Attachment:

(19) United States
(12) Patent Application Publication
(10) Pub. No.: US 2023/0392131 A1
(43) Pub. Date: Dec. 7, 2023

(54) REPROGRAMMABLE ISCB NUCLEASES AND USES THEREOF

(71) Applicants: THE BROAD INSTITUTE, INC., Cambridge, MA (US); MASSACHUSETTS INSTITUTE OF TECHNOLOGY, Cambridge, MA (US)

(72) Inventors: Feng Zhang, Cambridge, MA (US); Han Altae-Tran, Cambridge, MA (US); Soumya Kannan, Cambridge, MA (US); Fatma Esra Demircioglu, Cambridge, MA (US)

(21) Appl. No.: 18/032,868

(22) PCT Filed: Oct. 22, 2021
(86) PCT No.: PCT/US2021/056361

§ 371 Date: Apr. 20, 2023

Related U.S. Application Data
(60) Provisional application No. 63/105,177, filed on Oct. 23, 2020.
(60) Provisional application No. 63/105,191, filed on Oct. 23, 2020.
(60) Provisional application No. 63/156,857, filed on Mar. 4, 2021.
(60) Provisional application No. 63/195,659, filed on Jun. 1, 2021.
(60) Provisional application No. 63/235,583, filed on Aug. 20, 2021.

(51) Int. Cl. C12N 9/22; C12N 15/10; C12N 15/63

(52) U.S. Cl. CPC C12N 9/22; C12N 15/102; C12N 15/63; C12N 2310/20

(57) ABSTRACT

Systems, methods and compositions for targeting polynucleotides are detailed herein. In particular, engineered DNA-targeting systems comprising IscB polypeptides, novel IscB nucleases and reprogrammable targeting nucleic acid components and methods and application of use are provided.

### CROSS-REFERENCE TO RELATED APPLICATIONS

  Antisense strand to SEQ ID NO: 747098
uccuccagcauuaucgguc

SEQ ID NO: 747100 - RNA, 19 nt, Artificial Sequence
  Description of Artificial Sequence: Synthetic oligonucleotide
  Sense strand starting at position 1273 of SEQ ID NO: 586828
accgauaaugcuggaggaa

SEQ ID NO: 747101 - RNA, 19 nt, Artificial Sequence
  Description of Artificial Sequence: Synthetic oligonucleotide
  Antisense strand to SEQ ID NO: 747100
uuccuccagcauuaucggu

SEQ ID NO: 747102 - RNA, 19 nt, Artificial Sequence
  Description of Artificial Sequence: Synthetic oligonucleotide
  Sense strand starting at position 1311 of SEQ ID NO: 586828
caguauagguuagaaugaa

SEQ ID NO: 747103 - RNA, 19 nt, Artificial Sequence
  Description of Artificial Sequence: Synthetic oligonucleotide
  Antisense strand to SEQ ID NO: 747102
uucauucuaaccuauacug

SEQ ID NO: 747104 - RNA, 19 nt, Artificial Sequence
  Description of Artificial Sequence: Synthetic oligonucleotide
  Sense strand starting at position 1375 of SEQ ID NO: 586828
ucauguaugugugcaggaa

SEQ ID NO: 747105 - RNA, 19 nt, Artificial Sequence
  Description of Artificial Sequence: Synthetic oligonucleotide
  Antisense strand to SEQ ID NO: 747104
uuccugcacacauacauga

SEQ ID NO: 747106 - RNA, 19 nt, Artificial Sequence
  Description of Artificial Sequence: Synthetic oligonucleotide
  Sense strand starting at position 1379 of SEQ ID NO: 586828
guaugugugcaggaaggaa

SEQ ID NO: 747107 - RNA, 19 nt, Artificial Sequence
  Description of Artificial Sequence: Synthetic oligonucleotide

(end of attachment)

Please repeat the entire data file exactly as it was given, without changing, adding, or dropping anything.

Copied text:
(19) United States
(12) Patent Application Publication
(10) Pub. No.: US 2023/0392131 A1
(43) Pub. Date: Dec. 7, 2023

(54) REPROGRAMMABLE ISCB NUCLEASES AND USES THEREOF

(71) Applicants: THE BROAD INSTITUTE, INC., Cambridge, MA (US); MASSACHUSETTS INSTITUTE OF TECHNOLOGY, Cambridge, MA (US)

(72) Inventors: Feng Zhang, Cambridge, MA (US); Han Altae-Tran, Cambridge, MA (US); Soumya Kannan, Cambridge, MA (US); Fatma Esra Demircioglu, Cambridge, MA (US)

(21) Appl. No.: 18/032,868

(22) PCT Filed: Oct. 22, 2021
(86) PCT No.: PCT/US2021/056361

§ 371 Date: Apr. 20, 2023

Related U.S. Application Data
(60) Provisional application No. 63/105,177, filed on Oct. 23, 2020.
(60) Provisional application No. 63/105,191, filed on Oct. 23, 2020.
(60) Provisional application No. 63/156,857, filed on Mar. 4, 2021.
(60) Provisional application No. 63/195,659, filed on Jun. 1, 2021.
(60) Provisional application No. 63/235,583, filed on Aug. 20, 2021.

(51) Int. Cl. C12N 9/22; C12N 15/10; C12N 15/63

(52) U.S. Cl. CPC C12N 9/22; C12N 15/102; C12N 15/63; C12N 2310/20

(57) ABSTRACT

Systems, methods and compositions for targeting polynucleotides are detailed herein. In particular, engineered DNA-targeting systems comprising IscB polypeptides, novel IscB nucleases and reprogrammable targeting nucleic acid components and methods and application of use are provided.

### CROSS-REFERENCE TO RELATED APPLICATIONS

  Antisense strand to SEQ ID NO: 747098
uccuccagcauuaucgguc

SEQ ID NO: 747100 - RNA, 19 nt, Artificial Sequence
  Description of Artificial Sequence: Synthetic oligonucleotide
  Sense strand starting at position 1273 of SEQ ID NO: 586828
accgauaaugcuggaggaa

SEQ ID NO: 747101 - RNA, 19 nt, Artificial Sequence
  Description of Artificial Sequence: Synthetic oligonucleotide
  Antisense strand to SEQ ID NO: 747100
uuccuccagcauuaucggu

SEQ ID NO: 747102 - RNA, 19 nt, Artificial Sequence
  Description of Artificial Sequence: Synthetic oligonucleotide
  Sense strand starting at position 1311 of SEQ ID NO: 586828
caguauagguuagaaugaa

SEQ ID NO: 747103 - RNA, 19 nt, Artificial Sequence
  Description of Artificial Sequence: Synthetic oligonucleotide
  Antisense strand to SEQ ID NO: 747102
uucauucuaaccuauacug

SEQ ID NO: 747104 - RNA, 19 nt, Artificial Sequence
  Description of Artificial Sequence: Synthetic oligonucleotide
  Sense strand starting at position 1375 of SEQ ID NO: 586828
ucauguaugugugcaggaa

SEQ ID NO: 747105 - RNA, 19 nt, Artificial Sequence
  Description of Artificial Sequence: Synthetic oligonucleotide
  Antisense strand to SEQ ID NO: 747104
uuccugcacacauacauga

SEQ ID NO: 747106 - RNA, 19 nt, Artificial Sequence
  Description of Artificial Sequence: Synthetic oligonucleotide
  Sense strand starting at position 1379 of SEQ ID NO: 586828
guaugugugcaggaaggaa

SEQ ID NO: 747107 - RNA, 19 nt, Artificial Sequence
  Description of Artificial Sequence: Synthetic oligonucleotide